TOPIC OF THIS CONTEST WAS:
She rolled her eyes as another one of her cabin mates tried to stifle sobs. She couldn’t believe she had to stay at this horrible camp all summer! Her stomach growled. As she stepped toward her trunk for a forbidden snack, she tripped on a loose board. Curious, she leaned over to peek between the cracks, and saw…
(Entries must touch on the topic in some way to qualify.)
Laila rolled her eyes as her cabin mate choked on stifled sobs. She couldn’t believe she had stayed at this horrible camp all summer! As she stepped toward her trunk for a forbidden snack, she tripped on a loose board. Curious, she peeked between the cracks, and saw an old bottle of wine and a small scroll tied with a ribbon and fixed with a wax seal. On the ribbon was printed simply, “For the Unfortunate.”
Laila opened the scroll and read it. She could feel her face flush as the meaning of the words sunk in. It was too good to be true.
“What is it?” asked her bunk mate, wiping the tears from her face.
“I don’t know. Just a piece of garbage, I guess.” Laila tucked the scroll into her pocket and thought, For the Unfortunate…that definitely fits me right now!
“Why are you crying, anyway? It’s the last night. Tomorrow we get sent out”
“I don’t want to be a Genie,” the girl stated simply.
“Who does?” Laila pulled out the bottle of wine. “So…should we at least have a little fun on our last night?”
“Oh, I couldn’t…”
“Really? Come on, Amala, let’s toast our departure!” Laila said, popping the cork on the wine and inhaling deeply. “I think this is some pretty good stuff and we never really did get to know one another.”
Laila handed a glass to Amala before plopping down on the foot of her bed.
“How did you end up here?” asked Amala.
“Love,” said Laila.
“Yep. A mortal. Jack, and he’s perfect. We’d sneak off late at night and meet down by the shore. Sometimes we’d just sit on the beach and talk and sometimes we’d go diving for pearls. Once, we even kissed under the water next to an old sunken fishing boat that always has clams around it.”
Amala cut in.
“Certainly you could find someone more suitable. You’re so beautiful! Are you skilled?”
“Yes, I can fling a spell or two. More than that actually, but I don’t like it. I just want Jack and if that means no magic, then I would take it. He’s just…a good man. What about you? What are you in for?”
“Being a disappointment,” Amala said.
“Harsh. I mean, Genie camp is for delinquents like me. Screw up too many times and you’re on the bus to Lamp Camp. Then we get trained as Genies, locked up in a tiny lamp condo and hidden somewhere out in the world just so a mortal can find us and make us his personal magic slave. I get why I’m here, but not you.”
Laila filled Amala’s cup again and smiled at her. She noted that Amala’s eyes were quite pretty even if the rest of her was a bit lumpy.
“I’m not good at magic. I’m not beautiful like you and…” Amala reached up and took the clip off of her hair, letting it fall down her shoulders. Amongst the typical silky black hair of their kind were streaks of strawberry red.”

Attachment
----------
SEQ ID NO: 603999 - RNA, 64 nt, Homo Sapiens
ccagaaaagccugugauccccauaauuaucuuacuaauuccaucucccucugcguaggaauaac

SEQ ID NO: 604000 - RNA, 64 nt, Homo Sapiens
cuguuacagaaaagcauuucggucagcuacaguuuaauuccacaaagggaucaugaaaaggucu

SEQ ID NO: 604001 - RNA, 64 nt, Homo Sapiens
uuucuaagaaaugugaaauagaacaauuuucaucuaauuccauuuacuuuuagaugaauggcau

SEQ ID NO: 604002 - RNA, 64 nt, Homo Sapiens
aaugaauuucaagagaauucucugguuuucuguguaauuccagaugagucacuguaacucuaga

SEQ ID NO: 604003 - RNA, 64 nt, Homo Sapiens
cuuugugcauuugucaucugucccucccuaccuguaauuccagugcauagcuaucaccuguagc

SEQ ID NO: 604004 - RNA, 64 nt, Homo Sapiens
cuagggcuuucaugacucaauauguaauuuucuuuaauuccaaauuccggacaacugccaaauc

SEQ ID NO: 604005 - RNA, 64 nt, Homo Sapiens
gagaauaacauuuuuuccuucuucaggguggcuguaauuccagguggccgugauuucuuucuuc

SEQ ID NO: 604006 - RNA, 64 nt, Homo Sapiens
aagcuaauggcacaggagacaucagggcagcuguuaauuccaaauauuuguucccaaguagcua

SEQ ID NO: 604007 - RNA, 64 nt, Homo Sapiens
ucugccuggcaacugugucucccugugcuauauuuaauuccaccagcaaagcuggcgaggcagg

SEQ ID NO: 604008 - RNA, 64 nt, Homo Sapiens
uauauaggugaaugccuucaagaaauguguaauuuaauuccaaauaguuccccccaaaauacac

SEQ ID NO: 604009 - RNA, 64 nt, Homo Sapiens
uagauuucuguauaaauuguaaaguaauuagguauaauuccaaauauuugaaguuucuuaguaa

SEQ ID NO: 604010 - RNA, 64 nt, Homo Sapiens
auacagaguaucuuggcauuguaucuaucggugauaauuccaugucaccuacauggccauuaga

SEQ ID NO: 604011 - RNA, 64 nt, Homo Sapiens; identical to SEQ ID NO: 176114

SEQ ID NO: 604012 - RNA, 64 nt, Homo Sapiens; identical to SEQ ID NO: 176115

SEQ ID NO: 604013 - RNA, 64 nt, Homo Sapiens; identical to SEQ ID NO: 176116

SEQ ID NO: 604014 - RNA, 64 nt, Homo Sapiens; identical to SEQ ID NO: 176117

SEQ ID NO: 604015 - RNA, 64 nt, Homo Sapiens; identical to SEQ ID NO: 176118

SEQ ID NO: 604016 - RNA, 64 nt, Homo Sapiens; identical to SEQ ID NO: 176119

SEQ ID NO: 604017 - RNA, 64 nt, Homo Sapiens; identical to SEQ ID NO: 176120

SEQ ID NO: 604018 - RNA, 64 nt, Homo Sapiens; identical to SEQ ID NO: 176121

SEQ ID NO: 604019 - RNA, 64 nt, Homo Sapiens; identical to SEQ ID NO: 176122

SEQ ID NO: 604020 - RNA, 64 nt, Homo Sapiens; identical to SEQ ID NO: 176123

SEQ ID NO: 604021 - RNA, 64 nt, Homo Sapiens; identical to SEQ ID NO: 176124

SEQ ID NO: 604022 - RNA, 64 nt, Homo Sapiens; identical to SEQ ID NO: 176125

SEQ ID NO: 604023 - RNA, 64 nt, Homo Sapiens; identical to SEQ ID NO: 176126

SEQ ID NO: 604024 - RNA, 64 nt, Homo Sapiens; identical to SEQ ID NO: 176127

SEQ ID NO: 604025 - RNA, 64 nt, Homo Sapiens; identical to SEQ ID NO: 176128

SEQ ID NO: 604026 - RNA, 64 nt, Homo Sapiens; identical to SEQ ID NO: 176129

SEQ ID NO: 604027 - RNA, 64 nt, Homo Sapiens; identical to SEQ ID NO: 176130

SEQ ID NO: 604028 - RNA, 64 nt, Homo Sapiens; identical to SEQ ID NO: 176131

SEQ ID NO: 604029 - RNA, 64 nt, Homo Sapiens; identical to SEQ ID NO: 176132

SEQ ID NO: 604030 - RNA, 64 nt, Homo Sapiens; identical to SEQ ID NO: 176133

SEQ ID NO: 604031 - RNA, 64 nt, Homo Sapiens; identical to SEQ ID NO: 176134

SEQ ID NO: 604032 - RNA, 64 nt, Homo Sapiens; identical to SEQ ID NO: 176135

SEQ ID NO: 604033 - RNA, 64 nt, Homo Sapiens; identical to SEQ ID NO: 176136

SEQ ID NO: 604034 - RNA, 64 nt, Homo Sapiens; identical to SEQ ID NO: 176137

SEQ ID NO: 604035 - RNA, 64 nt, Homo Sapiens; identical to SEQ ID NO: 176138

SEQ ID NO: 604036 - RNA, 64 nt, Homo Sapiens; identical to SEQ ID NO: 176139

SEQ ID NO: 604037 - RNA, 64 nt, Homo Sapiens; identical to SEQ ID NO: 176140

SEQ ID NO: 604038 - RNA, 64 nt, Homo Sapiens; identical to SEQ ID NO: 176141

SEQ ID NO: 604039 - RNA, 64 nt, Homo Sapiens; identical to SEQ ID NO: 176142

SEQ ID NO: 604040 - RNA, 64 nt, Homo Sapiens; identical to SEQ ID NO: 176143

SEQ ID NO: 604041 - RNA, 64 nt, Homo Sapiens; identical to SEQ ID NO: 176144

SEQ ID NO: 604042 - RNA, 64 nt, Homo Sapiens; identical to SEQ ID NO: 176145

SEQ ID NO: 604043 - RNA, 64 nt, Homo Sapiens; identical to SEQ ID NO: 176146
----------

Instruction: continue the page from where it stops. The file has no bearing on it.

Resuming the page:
“Amala…,” said Laila. “It’s beautiful!”
“No it’s not! It’s different…and therefore forbidden in my parents’ eyes. I’ll be sent somewhere where my lamp will never be found, and if it is, look at me! No man is going to want me near him, even if I can grant a couple of minor wishes.”
“Not all men are like that…” Laila didn’t know what to say. Jack would find her.
Laila finished her cup and stood up. She had faith in Jack and she could do this. She needed to do this.
“Amala, I have a gift for you.”
She held out the scroll and watched as Amala took in the words and then slowly, the meaning.
“Is this real? I could actually do this?”
“Yes. With that spell, you can direct your sending, your lamp, to any specific spot on Earth. You won’t go to an ice cave in the artic. You can be sent near family or friends or wherever you’ve dreamed of going!”
“Why give this to me? What about you? The spell says it can only work once.”
“Jack will find me. I know it. And if I’m wrong, I’ll be okay. I’m…”
“Beautiful and talented” said Amala, “You’re right. Thank you.”
The pair hugged and then cried themselves to sleep.
The next morning a chorus of bells rang out through the camp. The sound was beautiful but haunting as it called the camp residents to their final gathering.
One by one, they stood on the stage, received their lamp, said the magic words and poured into their new homes in a stream of smoke. Then, the camp director would close his eyes, say a few final words and, with a flicker of light, they were gone.
Laila chewed her bottom lip nervously as her turn arose, but moments later it was smoke and then light and she and her lamp settled in a bank of ferns deep in the Amazon jungle.
Amala stepped up to the stage, said the right words and streamed into her lamp. Once inside, she muttered her newest spell. A gift. Such a rare gift. A flash of light popped and, with a splash, Amala’s lamp sunk slowly into the water, past a small, sunken fishing boat, and settled in among a treasure of clams.